Roasting Turkey Halves and Thanksgiving Turkey Gravy

by R.B. Quinn and Min Merrell
roasting turkey halves

Roasting turkey halves in the oven is a truly great way to cook a turkey, especially for Thanksgiving. The turkeys cook evenly, the skins get golden brown and crisp, the halves are easy to carve, and the turkeys cook in about 2 hours.

Three smaller turkeys (@ 30 pounds total) cut into halves easily fit into a regular home oven at the same time. Super efficient and temperature-wise safer because laid out flat and low down in the half sheet the more delicate white breast meat is now sharing the same heat intensity as the dark. This allows the delicious and stubborn dark meat and leg/thigh joint to fully cook through before the breast dries.

This roasting turkey halves method also frees the oven for side dish cooking and rewarming at mealtime. The turkeys are done faster and if you roast them a little early just gently rewarm the carved meat on a platter in a low oven before mealtime.   roasting turkey halves

Buy small birds, cut them in half, and roast them lying down on half sheets.

  • Cook small turkeys–around ten pounds. Meat counters will usually separate and wrap them in a few minutes. At home your electric knife is the choice. Start with a clean, straight line at the top of the breast, let the blades cut (don’t saw) and gently separate the halves as the knife works its way downward.
  • Place the turkey halves on half baking sheets or in a large roasting pan. Rub the halves liberally with oil or butter (or a combo), and season with Kosher salt and coarse ground pepper. Add other herbs if you like. Simple seems best.
  • Place the turkeys in 450°F oven and immediately turn down the heat to 350°F. Baste the skin periodically if you like, we don’t bother. We don’t see a noticeable difference from basting and periodically opening the oven door just lets the heat escape.
  •  Just keep the oven closed and the halves should be cooked through in about 2 hours. Look for 175 – 180°F in the thickest part of the thigh with an internal temp thermometer. The escaping juices should run clear, not pinkish. Let the birds rest 15 minutes or more before carving.

Some thoughts about cutting the birds, and a plug for the electric knife:

Once you reach the backbone spread the halves as though you were spatchcocking the bird and cut along one side of the backbone.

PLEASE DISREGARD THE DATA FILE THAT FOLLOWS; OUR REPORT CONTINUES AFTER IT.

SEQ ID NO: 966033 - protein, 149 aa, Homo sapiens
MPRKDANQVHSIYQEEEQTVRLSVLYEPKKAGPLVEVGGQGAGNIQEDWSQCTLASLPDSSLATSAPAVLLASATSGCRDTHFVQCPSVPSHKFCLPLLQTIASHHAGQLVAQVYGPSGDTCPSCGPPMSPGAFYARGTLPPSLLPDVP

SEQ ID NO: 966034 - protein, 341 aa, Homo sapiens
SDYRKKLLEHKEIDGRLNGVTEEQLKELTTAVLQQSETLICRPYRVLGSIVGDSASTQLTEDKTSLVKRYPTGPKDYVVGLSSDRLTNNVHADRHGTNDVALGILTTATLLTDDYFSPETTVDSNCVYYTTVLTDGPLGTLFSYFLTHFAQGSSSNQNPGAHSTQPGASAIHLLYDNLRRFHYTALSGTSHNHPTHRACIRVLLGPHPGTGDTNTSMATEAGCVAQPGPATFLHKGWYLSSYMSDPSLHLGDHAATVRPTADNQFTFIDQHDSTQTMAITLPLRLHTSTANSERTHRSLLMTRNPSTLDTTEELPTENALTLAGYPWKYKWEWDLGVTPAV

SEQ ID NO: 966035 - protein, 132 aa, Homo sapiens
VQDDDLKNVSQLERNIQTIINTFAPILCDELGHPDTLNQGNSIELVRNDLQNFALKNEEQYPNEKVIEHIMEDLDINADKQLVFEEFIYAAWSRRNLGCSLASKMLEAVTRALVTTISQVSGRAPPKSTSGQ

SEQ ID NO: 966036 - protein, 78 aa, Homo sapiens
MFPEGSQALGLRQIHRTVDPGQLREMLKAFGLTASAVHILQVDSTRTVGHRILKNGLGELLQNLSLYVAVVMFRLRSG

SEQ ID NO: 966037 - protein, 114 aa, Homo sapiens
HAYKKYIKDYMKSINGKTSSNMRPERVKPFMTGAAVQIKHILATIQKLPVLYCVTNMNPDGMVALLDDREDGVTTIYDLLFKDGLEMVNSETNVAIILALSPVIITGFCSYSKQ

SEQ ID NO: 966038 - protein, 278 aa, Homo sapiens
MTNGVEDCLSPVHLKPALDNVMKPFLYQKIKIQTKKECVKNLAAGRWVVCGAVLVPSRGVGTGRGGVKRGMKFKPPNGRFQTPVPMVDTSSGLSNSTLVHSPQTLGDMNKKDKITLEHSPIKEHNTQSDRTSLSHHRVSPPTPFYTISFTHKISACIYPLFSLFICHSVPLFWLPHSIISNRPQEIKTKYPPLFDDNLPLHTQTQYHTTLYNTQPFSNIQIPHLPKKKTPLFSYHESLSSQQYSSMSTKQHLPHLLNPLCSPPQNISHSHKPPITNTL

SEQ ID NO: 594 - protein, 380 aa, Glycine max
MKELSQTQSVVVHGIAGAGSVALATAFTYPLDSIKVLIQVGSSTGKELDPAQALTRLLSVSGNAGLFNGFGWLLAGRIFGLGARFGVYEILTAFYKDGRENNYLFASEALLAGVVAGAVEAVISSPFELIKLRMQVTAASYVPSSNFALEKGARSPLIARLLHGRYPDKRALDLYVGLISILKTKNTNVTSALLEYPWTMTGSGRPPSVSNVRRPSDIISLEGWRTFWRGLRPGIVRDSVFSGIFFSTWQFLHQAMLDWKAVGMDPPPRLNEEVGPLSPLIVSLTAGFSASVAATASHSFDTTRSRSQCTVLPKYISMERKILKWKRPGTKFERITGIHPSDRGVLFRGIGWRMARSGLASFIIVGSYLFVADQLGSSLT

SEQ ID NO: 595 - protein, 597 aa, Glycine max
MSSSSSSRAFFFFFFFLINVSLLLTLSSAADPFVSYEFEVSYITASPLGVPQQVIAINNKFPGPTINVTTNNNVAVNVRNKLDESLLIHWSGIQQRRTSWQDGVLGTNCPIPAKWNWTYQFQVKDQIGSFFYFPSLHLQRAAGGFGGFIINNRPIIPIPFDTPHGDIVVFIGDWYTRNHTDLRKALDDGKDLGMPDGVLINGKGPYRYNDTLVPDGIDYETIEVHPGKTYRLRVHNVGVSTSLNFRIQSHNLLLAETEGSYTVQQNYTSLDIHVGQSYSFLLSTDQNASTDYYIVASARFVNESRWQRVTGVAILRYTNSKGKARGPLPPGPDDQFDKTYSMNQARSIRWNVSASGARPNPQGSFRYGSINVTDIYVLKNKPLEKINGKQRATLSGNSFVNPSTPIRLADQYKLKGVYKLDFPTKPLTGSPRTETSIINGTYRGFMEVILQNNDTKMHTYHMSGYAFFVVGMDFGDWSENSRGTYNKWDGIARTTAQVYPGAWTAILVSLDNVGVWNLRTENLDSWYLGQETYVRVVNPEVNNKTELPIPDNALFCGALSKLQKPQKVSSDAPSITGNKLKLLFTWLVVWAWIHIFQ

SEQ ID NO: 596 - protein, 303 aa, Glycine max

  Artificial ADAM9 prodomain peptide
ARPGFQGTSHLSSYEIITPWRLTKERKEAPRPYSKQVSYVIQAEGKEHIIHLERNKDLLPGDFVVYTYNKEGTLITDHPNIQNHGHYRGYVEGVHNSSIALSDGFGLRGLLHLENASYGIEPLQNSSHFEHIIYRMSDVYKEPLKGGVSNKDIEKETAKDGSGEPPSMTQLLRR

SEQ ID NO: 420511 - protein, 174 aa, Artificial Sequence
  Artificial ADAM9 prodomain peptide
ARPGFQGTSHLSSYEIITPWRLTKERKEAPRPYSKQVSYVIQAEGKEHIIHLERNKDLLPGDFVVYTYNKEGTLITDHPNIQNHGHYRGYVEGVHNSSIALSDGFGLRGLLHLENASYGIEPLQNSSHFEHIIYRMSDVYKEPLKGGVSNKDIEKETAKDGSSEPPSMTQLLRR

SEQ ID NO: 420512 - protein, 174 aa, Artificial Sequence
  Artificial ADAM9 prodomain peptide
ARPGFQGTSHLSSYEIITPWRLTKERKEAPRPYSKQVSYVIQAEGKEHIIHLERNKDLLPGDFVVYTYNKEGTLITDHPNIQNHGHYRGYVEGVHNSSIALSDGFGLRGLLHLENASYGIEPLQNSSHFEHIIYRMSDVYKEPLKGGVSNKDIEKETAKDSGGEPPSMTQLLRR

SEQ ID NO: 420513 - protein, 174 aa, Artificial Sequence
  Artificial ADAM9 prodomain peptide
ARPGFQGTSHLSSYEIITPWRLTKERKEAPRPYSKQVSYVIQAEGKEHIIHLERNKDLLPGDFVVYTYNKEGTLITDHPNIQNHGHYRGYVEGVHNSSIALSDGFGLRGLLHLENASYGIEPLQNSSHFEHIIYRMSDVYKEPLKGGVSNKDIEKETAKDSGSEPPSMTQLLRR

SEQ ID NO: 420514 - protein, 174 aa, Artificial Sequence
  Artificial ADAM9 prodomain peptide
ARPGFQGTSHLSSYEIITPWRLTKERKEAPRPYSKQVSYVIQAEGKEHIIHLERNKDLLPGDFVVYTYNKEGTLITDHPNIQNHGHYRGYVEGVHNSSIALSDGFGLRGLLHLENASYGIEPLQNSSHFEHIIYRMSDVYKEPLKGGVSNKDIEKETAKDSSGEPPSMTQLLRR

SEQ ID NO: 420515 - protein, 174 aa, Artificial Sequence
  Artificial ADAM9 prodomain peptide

roasting turkey halves

Once separated, use the knife to cut out the backbone completely. Use the backbone for your crock pot stock. It will contribute to a spectacular brown gravy.

roasting turkey halves

Carving Tip: Separate each breast from the leg/thigh portion and cut the breast meat crosswise into thick medallion-like slices instead of the traditional thin lengthwise slices. Separate the thighs and legs at the joint with a sharp knife. Serve the legs whole and remove the dark thigh meat from the bones.

roasting turkey halves

Instead of roasting turkey halves, try grilling them. Cut in half makes grilling a cinch. We use our favorite shelf chicken method and grill the turkey on a second grate set on bricks to raise the bird away from the heat a bit and get the skin closer to the cover which radiates heat down and makes a nice golden crispy skin. Leave the cover cracked slightly and grill on medium for about an hour. This method really frees up the oven and give your parade-watching staff something to do.

roasting turkey halves

Note about stuffing: You’ll have to give up on stuffing the bird when roasting turkey halves. That’s just fine because the our Cheater Chef Southern Cornbread Dressing recipe bakes up nice and crisp in a casserole and you can make as much as you want. Let the bird be the bird. No need to be a 9×13, too.

cornbread dressing


turkey gravy


Instead of canned or cartoned broths, make your own turkey broth in a crock pot. It’s a cinch, especially when you cut your turkey in half before you roast it like we do (see above). In a large crock pot combine turkey backs, necks, hearts, and kidneys (no liver) with onion, garlic, parsley stems, celery, bay leaves, and plenty of water and let it simmer all day or overnight. Drain off the solids, cool, and it’s done. If you want to make the broth a couple days ahead just use turkey wings available at the supermarket.

For the gravy, think about the 2:2:1 ratio for medium white sauce (two tablespoons flour: two tablespoons butter: 1 cup milk). The white sauce ratio is too thick for gravy, so decrease the ratio to 1 1/2 tablespoons each of fat and flour to 1 cup of broth. You’re swapping the butter for turkey drippings and the milk for turkey broth.

When the turkey is roasted, pour all the drippings into a cup. Let the fat rise to the top and skim it off with a spoon. Place the fat drippings in a large sauce pan and heat it up. Add the same amount of flour and stir for a couple of minutes. Now add the broth and the turkey juices left in the cup. We add a little wine — Maderia, sherry, or vermouth. And the cut-up giblets from the broth. Stir until silky and slightly thickened. Season with salt and pepper, thyme, marjoram, and maybe a little sage. That’s it. You’ve got a big (or small, just decrease the amounts according to the magic ratio) batch of gravy.

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